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Easy Ultrasonic Phased Array Inspection of Corrosion - Resistant Alloys and Dissimilar Weld Materials


Many industries increasingly use austenitic welds and welds containing dissimilar weld materials. These welds can be used to create components with improved or tailor-engineered properties. For example, a part may need high temperature resistance in one area and good corrosion resistance in another. Other structures may need a combination of toughness or wear resistance in one location and high strength in another location.

The inspection of these types of welds with ultrasonic phased array technology is associated with challenges relating to the changes in density and acoustic properties of the materials (anisotropy). This guide provides an easy stepby- step overview of the points to consider when carrying out ultrasonic (UT) inspections of austenitic or dissimilarmaterial welds. It also shows how Olympus’ comprehensive range of flaw detection products – such as the FocusPX, the OmniScan and phased array probes and wedges – can be used to facilitate the inspection process.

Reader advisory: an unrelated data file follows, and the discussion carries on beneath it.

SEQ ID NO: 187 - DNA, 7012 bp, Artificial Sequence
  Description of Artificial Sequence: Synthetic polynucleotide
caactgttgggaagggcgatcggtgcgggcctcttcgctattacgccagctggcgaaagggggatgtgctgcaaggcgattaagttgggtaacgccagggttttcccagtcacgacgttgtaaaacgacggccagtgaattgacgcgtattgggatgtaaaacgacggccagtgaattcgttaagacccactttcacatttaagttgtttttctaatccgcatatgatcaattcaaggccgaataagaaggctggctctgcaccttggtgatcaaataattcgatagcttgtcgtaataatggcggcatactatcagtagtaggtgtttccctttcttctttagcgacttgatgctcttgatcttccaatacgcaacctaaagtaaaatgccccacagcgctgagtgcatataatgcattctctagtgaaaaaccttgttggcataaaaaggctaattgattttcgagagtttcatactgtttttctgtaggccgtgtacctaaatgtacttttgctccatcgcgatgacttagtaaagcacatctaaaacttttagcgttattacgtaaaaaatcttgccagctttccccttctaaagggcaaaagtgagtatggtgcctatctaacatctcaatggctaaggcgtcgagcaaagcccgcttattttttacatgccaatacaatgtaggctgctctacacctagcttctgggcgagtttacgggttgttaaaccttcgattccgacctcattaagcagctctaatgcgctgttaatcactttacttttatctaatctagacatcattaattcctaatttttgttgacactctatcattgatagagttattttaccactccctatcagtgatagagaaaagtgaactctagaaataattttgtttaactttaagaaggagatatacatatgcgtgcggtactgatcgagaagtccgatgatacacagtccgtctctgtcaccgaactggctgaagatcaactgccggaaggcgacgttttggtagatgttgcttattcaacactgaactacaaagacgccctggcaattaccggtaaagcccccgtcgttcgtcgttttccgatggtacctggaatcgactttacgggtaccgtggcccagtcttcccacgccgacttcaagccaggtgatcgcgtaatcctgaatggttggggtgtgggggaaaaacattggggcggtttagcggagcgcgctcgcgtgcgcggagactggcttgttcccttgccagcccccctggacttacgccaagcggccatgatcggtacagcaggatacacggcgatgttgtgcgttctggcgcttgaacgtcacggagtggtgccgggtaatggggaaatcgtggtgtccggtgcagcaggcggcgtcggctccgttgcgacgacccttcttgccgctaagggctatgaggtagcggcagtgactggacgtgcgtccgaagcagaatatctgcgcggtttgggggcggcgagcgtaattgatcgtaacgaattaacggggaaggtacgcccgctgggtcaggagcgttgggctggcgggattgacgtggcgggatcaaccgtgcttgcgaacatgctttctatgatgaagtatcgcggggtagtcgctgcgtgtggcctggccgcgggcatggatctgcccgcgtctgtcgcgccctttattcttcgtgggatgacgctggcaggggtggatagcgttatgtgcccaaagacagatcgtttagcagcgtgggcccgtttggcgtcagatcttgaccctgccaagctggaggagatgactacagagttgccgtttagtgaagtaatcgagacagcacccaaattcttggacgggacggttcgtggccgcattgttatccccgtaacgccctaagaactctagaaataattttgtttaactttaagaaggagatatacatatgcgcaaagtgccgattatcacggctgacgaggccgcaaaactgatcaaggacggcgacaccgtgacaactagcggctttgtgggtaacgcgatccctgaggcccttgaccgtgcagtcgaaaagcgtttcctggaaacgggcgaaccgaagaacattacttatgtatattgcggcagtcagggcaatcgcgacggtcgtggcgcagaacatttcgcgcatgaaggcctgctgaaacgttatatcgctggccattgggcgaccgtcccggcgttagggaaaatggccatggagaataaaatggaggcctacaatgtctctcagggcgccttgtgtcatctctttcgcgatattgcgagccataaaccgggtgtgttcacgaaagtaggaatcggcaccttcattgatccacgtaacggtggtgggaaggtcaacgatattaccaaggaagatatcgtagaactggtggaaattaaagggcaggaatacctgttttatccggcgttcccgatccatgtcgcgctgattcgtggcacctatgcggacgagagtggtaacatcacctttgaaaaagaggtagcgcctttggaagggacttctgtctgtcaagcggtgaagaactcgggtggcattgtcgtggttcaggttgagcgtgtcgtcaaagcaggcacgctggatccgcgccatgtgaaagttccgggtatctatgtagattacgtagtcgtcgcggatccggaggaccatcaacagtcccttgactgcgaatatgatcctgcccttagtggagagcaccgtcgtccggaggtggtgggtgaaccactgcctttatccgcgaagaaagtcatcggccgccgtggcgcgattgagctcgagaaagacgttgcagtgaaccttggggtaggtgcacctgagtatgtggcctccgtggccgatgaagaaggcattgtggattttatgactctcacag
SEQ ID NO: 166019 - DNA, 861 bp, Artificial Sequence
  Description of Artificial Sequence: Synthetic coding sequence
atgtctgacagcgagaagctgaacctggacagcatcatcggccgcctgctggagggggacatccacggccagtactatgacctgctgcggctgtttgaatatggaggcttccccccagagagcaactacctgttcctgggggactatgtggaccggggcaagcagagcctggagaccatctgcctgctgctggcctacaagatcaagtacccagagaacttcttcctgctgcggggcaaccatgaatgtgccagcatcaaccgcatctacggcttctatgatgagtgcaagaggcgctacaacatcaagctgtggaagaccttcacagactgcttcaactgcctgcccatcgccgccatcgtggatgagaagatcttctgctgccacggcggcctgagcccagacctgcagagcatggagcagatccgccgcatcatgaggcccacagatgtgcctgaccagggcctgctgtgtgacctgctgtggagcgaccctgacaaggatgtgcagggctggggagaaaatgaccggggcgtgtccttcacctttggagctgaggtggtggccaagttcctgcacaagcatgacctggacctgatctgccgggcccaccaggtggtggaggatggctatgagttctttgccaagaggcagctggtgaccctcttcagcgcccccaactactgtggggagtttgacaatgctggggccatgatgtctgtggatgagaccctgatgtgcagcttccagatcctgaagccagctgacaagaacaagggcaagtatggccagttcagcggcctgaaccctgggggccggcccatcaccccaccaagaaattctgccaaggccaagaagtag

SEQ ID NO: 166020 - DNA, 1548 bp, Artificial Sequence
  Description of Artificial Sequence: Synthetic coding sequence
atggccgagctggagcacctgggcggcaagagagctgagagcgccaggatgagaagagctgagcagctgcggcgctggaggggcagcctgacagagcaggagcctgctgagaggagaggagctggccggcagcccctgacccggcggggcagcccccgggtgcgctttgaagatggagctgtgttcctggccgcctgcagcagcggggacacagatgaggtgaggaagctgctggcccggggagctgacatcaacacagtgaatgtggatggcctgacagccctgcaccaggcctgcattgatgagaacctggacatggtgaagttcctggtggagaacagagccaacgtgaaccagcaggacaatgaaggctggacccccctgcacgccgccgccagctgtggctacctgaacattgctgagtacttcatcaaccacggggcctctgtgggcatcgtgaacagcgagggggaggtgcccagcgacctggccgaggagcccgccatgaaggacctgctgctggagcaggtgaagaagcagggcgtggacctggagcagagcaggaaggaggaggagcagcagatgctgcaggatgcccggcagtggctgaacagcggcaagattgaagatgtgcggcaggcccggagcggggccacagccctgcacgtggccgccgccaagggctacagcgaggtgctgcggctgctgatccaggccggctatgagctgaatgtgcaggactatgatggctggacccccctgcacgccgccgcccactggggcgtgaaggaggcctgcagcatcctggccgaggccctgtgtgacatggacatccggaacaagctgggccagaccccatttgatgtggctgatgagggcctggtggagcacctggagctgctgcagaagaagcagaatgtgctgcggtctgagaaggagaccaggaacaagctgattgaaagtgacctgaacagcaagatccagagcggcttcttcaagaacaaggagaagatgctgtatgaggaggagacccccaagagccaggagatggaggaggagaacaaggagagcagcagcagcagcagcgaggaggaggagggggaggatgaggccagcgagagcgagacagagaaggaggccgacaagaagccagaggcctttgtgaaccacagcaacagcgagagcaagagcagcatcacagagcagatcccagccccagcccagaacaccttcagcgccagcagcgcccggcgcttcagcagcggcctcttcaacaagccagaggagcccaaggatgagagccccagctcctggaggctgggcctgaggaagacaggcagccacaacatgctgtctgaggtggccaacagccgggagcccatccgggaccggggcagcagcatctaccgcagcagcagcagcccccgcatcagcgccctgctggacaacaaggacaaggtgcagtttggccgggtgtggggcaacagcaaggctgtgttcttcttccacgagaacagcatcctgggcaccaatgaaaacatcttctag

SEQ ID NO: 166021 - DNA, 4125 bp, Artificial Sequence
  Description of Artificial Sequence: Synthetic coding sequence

Introduction

Industrial sectors such as the oil and gas and power generation industries frequently use pipelines where a carbon steel pipe is cladded with a corrosion-resistant alloy (CRA); these same alloys can also be used as a filler material for girth welds (figure 1). These interfaces, as well as many other types of dissimilar-material welds, can present a problem in non-destructive testing (NDT) and are traditionally inspected using radiography. However, the use of radiography is associated with long exposure times and potentially harmful radiation. These difficulties, as well as developments in the field of phased array technology make ultrasound an excellent alternative for these types of inspections.

Easy Ultrasonic Phased Array Inspection of Corrosion - Resistant Alloys and Dissimilar Weld Materials
Easy Ultrasonic Phased Array Inspection of Corrosion - Resistant Alloys and Dissimilar Weld Materials

Figure 1: Welding of Cladded Pipes
Containing a dissimilar weld material (left) and a weld used to join two different materials (right).

The Challenges of UT Inspection

Conventional UT is a successful and proven technique for carbon steel weld inspection. When inspecting a dissimilar weld material however, there are several aspects that make UT inspection more complex.

Metal-Metal Interface and Grain Size
When a UT beam travels through a component containing a weld, both the metal-metal interface and the coarse-grained structure of the weld can cause reflection (backscatter) and refraction of the UT waves. This, in turn, will lead to skewing and attenuation of the beam (figure 2).

Easy Ultrasonic Phased Array Inspection of Corrosion - Resistant Alloys and Dissimilar Weld Materials